Forex: 'Cosmetic Control'

The United States has increasingly resorted to direct controls and ad hoc measures to improve its balance of payments position.

Following Galbraith's colorful terminology, the controls to date may be divided into two classes: those with 'cosmetic' or 'public relations' value, and those more basic.

The economic impact of the former is impossible to assess, but it is probably not great.

'Cosmetic' controls include a number of devices, some of which are here used as examples, with no pretense to completeness. U.S. Department of commerce undertook trade fairs abroad, in 1963, the provision of information on possible markets for individual exporters, etc.

The program was not vigorously pursued, largely because it would hardly have been worth its cost.

Similarly, the stimulation of tourist travel to the United States, attempts to discourage American tourism abroad.

The reduction of duty-free imports from abroad or to inhibit the travel of their dependents attempts to 'persuade' Japan and even Hong Kong to reduce their textile and other exports to the United States.

All of which are ad hoc, humiliating to Americans, restrictive of American freedom, an unable even in the aggregate to alter the fundamental balance of payments position.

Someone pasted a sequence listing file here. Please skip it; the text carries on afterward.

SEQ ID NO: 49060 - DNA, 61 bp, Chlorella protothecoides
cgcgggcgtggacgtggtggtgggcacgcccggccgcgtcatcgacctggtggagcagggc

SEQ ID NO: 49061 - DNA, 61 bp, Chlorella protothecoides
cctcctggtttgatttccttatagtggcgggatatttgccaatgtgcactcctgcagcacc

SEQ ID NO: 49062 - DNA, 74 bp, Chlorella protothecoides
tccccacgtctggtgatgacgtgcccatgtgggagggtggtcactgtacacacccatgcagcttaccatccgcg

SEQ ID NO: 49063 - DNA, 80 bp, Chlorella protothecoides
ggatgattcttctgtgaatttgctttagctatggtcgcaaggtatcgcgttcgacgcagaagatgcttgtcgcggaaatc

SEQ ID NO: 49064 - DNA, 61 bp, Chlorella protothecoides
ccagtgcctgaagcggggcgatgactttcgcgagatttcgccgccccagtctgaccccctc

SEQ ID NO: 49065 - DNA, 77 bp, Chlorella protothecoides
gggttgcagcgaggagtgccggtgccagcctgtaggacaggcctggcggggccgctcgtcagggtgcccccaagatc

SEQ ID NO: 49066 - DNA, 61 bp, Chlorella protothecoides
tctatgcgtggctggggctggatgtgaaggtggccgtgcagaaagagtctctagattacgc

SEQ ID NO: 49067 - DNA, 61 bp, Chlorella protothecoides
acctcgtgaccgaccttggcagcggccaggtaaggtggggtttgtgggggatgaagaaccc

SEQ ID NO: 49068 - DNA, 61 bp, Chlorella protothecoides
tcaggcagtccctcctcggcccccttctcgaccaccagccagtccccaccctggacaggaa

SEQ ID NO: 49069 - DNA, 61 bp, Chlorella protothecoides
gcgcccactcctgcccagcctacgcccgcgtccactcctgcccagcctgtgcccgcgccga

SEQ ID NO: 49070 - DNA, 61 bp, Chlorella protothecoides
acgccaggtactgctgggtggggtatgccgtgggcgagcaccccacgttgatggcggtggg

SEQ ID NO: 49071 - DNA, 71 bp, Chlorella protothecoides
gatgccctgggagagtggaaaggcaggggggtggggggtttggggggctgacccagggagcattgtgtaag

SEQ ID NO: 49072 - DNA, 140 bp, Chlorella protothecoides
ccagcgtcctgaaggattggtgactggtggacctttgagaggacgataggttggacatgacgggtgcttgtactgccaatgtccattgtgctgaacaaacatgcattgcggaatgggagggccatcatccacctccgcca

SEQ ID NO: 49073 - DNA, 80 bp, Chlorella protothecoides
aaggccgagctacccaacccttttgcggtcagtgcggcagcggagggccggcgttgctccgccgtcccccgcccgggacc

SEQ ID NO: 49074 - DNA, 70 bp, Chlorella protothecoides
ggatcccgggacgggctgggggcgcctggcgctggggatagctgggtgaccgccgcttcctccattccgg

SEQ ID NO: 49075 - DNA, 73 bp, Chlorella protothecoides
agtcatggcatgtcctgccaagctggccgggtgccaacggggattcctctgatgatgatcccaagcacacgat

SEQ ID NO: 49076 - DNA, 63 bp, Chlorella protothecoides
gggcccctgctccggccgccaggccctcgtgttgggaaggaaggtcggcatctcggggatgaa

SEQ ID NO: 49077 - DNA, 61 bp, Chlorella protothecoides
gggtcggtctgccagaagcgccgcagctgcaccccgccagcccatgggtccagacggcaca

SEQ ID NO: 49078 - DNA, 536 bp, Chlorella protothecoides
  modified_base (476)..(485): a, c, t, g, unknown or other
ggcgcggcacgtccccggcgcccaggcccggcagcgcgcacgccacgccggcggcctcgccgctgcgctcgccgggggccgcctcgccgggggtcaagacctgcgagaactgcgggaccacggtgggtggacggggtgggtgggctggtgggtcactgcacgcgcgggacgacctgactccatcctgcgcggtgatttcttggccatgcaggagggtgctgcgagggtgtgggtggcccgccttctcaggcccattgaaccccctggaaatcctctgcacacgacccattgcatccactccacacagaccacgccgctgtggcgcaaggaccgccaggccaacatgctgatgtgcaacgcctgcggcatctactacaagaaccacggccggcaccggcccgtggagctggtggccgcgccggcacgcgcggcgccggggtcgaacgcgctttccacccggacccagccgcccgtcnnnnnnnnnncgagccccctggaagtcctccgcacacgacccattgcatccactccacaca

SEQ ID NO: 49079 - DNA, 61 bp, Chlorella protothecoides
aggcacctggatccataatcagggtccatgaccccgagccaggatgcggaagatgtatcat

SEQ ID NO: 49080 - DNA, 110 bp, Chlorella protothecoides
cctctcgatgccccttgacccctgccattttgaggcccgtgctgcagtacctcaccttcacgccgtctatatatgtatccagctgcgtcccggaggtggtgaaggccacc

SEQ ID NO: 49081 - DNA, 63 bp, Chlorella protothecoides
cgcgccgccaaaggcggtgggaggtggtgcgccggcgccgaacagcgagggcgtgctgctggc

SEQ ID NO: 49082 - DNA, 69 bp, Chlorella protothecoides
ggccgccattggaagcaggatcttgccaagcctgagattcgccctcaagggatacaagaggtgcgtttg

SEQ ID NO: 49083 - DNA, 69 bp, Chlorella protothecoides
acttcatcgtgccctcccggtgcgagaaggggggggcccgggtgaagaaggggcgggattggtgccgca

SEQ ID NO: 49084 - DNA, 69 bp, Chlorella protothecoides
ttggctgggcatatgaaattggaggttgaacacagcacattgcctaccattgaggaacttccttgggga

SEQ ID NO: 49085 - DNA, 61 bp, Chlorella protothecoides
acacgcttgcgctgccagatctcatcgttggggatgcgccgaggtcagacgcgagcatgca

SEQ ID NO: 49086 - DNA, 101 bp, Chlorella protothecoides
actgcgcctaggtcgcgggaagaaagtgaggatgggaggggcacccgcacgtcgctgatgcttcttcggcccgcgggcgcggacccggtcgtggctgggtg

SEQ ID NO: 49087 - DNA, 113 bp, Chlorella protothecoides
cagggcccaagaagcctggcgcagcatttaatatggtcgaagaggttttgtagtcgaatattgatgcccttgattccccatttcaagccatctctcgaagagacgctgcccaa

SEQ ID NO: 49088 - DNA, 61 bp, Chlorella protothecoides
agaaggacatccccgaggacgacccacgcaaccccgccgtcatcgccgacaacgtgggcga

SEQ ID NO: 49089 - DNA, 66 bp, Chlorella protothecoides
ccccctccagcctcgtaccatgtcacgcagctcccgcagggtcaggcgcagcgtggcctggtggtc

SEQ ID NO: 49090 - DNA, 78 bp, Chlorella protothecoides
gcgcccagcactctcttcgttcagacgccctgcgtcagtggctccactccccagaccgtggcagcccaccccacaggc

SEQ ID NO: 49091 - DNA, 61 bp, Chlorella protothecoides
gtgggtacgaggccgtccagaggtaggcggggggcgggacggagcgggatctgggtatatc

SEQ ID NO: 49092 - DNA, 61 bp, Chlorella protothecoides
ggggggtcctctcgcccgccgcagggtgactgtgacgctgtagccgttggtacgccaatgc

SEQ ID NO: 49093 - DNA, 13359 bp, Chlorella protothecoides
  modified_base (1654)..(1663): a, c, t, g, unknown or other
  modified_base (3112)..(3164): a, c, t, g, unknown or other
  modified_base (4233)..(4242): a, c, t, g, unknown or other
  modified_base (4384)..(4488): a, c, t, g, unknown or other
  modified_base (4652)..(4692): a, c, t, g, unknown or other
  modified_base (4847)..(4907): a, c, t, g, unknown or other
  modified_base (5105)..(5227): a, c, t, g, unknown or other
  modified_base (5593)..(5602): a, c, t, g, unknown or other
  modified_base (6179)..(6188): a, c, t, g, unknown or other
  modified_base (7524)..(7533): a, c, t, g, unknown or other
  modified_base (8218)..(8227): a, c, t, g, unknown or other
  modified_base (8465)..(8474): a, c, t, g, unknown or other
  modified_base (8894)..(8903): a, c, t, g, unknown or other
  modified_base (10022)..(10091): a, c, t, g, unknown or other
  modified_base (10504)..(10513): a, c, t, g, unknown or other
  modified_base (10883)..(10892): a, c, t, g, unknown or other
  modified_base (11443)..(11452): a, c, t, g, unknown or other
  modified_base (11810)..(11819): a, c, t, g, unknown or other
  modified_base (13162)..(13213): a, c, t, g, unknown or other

On the contrary, the measures have been criticized because each contains elements of self-delusion, and false tranquilization of the public may merely postpone more relevant action.

A further danger is the ever present temptation to extend such measures.

It was recently proposed to Congress, for example, that Americans should forcefully be prevented from living abroad, presumably on the theory that Manhattan, Carmel and East Hampton are tolerable substitutes for Paris and Capri.

These are in effect exchange controls, although they have never been so labeled openly. In July 1963,the Interest Equalization Tax was requested - but with retroactive effect. The IET was a rather fast response to the country's huge capital outflows happening that time.

Its provisions impose a tax on purchases of long-term foreign securities of up to 15 percent of the purchase price, depending on the maturity of the security.

In effect, the tax was designed to raise the interest cost of foreign borrowing in the United States by about one percent per year and thereby to remove the incentive for the sale of foreign securities in the United States, and thus reduce the capital outflow.

When it became law in September 1963, it exempted Canadian securities issues in U.S. capital markets as well as borrowings by underdeveloped countries.

The interest equalization tax had an important impact on capital outflows from the outset. New issues of foreign securities in the United States declined from $1.8 billion in the first half of 1963 to $0.6 billion in the second half.

Simultaneously, trade in outstanding securities switched from a $302 million outflow in the first half to a $204 million in the second.

In 1964, these low rates were maintained. However, loans by the banks in the U.S. for terms longer than one year, seeking higher interest rates abroad began to substitute for the foreign security issues as a source of capital outflow.